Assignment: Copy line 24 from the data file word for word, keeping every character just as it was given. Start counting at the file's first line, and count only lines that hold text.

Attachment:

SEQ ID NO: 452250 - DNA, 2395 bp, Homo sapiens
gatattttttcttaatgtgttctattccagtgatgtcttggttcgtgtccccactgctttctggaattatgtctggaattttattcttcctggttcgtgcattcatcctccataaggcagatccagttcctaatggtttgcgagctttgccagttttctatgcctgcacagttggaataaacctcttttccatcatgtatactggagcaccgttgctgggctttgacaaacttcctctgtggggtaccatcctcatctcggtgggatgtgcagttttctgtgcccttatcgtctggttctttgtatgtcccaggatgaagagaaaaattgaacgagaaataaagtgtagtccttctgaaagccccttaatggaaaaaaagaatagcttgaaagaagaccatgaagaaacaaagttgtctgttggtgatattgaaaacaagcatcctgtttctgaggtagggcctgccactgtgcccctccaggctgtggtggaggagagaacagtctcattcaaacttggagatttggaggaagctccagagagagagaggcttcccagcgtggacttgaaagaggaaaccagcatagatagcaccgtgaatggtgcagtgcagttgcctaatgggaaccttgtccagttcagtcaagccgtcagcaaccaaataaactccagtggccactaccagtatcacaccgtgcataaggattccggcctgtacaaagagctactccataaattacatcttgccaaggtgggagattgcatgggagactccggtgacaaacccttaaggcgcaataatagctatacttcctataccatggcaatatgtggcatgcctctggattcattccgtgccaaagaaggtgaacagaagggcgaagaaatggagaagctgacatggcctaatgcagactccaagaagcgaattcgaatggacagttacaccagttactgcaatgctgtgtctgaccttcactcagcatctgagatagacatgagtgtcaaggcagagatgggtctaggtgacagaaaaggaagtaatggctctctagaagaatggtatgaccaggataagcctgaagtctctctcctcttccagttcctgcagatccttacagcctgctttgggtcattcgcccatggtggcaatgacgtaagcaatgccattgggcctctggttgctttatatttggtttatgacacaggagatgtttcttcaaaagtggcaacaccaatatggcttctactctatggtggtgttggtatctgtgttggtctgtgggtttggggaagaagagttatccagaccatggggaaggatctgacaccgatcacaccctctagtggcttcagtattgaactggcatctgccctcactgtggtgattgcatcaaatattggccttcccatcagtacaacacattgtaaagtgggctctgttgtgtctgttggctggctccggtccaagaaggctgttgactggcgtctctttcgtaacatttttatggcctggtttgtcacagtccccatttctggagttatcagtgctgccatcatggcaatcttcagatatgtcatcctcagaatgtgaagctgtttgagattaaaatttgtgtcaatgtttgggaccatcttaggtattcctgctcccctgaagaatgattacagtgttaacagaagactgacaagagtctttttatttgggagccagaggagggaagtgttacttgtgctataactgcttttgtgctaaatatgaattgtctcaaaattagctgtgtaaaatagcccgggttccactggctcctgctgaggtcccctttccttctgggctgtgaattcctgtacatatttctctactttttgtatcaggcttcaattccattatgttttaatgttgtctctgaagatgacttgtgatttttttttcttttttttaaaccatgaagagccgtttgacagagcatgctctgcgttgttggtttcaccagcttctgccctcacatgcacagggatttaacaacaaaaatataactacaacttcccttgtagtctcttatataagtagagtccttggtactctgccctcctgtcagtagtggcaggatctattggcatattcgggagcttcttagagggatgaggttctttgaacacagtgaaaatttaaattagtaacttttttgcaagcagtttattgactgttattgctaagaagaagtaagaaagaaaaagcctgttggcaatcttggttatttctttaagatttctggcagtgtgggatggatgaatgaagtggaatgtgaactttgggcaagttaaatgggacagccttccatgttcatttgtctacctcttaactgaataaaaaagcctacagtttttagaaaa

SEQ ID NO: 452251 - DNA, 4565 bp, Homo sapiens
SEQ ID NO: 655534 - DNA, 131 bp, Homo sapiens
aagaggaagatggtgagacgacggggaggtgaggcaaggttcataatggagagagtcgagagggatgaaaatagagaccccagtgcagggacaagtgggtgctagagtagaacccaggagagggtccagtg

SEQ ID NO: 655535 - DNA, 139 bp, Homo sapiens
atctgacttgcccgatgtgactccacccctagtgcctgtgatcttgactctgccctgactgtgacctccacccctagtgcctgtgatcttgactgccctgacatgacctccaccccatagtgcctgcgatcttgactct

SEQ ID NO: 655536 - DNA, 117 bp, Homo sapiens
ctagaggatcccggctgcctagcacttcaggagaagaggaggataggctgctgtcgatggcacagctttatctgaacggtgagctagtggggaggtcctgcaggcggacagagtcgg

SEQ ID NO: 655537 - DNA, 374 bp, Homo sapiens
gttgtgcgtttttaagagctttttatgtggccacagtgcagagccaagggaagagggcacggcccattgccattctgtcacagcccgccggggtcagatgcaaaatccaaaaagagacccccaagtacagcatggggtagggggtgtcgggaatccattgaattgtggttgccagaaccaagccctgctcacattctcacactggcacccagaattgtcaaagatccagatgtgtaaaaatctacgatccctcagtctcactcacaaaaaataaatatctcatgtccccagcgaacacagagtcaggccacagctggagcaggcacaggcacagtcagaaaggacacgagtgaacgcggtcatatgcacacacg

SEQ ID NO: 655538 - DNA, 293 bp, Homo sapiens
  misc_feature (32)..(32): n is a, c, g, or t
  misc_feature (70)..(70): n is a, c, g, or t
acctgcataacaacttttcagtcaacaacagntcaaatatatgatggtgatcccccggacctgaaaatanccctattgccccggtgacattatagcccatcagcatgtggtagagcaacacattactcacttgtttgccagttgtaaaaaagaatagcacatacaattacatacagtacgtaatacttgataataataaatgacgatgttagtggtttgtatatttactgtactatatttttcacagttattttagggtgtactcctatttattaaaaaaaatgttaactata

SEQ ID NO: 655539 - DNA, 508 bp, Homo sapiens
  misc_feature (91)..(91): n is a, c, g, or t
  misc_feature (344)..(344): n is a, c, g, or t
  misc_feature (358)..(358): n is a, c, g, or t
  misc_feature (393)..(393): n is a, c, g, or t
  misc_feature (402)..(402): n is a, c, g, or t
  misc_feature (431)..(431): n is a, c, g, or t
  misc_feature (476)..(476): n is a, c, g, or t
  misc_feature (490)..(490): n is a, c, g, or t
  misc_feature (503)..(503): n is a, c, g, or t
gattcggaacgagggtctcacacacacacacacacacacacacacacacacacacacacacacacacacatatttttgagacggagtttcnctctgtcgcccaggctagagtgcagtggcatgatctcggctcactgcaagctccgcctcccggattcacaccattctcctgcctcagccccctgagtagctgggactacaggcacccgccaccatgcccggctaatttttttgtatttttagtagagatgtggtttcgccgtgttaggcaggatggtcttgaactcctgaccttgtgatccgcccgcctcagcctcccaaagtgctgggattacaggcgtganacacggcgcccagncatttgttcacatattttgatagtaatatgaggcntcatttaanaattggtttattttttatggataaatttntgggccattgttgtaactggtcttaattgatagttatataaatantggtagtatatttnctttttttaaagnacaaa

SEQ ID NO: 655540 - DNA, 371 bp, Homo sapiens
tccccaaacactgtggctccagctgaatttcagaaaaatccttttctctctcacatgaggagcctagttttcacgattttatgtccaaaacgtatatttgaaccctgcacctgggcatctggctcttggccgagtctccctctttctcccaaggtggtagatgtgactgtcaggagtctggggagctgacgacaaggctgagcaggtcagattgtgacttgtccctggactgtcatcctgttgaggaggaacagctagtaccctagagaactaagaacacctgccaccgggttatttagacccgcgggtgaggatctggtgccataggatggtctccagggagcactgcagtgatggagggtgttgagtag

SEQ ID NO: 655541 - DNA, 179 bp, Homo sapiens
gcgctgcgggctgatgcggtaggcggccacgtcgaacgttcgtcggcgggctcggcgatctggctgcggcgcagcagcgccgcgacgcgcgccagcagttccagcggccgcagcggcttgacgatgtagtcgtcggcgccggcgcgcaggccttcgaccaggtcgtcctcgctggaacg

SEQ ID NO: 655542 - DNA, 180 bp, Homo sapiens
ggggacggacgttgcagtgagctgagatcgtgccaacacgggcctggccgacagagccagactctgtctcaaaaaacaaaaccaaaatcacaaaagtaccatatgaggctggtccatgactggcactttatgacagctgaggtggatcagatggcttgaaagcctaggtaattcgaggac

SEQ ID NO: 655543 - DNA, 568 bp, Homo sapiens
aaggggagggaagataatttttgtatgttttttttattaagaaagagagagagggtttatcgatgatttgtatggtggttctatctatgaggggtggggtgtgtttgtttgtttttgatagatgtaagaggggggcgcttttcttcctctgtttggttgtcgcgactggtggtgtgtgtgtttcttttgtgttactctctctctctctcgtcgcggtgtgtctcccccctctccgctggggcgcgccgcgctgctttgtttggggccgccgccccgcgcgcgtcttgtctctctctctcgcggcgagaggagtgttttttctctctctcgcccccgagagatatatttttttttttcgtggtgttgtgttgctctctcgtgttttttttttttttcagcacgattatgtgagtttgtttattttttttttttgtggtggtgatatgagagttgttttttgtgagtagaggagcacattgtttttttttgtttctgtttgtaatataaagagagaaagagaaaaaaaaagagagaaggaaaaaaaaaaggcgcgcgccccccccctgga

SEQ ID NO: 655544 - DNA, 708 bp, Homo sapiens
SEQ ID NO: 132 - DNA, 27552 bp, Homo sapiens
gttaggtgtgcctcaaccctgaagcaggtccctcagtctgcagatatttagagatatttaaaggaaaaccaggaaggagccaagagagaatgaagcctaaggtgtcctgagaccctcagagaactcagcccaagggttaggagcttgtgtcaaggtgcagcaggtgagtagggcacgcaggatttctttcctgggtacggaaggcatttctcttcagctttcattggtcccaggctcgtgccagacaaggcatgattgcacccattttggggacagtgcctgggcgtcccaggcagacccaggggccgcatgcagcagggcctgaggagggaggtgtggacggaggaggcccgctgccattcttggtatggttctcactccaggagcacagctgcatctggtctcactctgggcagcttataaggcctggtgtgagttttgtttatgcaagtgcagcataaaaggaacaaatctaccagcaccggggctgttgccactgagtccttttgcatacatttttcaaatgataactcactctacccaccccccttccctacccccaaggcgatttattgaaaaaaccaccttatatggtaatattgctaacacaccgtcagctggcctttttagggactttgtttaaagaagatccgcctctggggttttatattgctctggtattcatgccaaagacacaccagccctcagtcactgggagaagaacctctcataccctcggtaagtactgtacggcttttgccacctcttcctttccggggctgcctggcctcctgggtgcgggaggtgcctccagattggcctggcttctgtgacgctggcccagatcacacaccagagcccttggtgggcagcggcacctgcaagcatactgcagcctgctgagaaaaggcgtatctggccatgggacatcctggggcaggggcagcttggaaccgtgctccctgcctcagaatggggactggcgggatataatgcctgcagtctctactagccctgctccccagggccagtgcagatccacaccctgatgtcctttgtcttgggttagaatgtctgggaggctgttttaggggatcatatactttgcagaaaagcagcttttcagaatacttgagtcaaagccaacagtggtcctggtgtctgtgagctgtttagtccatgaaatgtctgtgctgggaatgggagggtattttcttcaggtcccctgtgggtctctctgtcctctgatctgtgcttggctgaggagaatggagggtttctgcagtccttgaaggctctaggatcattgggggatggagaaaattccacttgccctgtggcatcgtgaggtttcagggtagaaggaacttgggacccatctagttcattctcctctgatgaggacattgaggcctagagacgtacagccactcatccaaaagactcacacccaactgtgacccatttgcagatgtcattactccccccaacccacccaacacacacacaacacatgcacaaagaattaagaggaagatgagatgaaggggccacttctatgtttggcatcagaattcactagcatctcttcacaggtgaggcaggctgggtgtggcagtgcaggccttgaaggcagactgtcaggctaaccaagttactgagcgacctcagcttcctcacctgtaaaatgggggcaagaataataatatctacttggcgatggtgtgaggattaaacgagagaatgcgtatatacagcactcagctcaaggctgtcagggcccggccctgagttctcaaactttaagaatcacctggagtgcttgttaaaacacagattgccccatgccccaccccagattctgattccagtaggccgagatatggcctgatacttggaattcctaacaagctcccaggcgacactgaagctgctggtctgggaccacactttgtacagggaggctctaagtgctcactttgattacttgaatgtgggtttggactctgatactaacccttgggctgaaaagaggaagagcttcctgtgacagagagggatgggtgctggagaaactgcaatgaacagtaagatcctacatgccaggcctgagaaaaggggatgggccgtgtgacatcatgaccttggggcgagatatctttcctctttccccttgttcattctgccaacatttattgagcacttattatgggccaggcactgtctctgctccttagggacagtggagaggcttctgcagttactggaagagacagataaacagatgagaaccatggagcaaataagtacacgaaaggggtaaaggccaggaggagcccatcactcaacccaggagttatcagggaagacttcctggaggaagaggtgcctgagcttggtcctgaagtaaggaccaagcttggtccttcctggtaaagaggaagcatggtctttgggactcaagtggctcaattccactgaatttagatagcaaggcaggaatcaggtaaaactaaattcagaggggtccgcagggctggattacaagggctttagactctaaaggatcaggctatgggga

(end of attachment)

  misc_feature (490)..(490): n is a, c, g, or t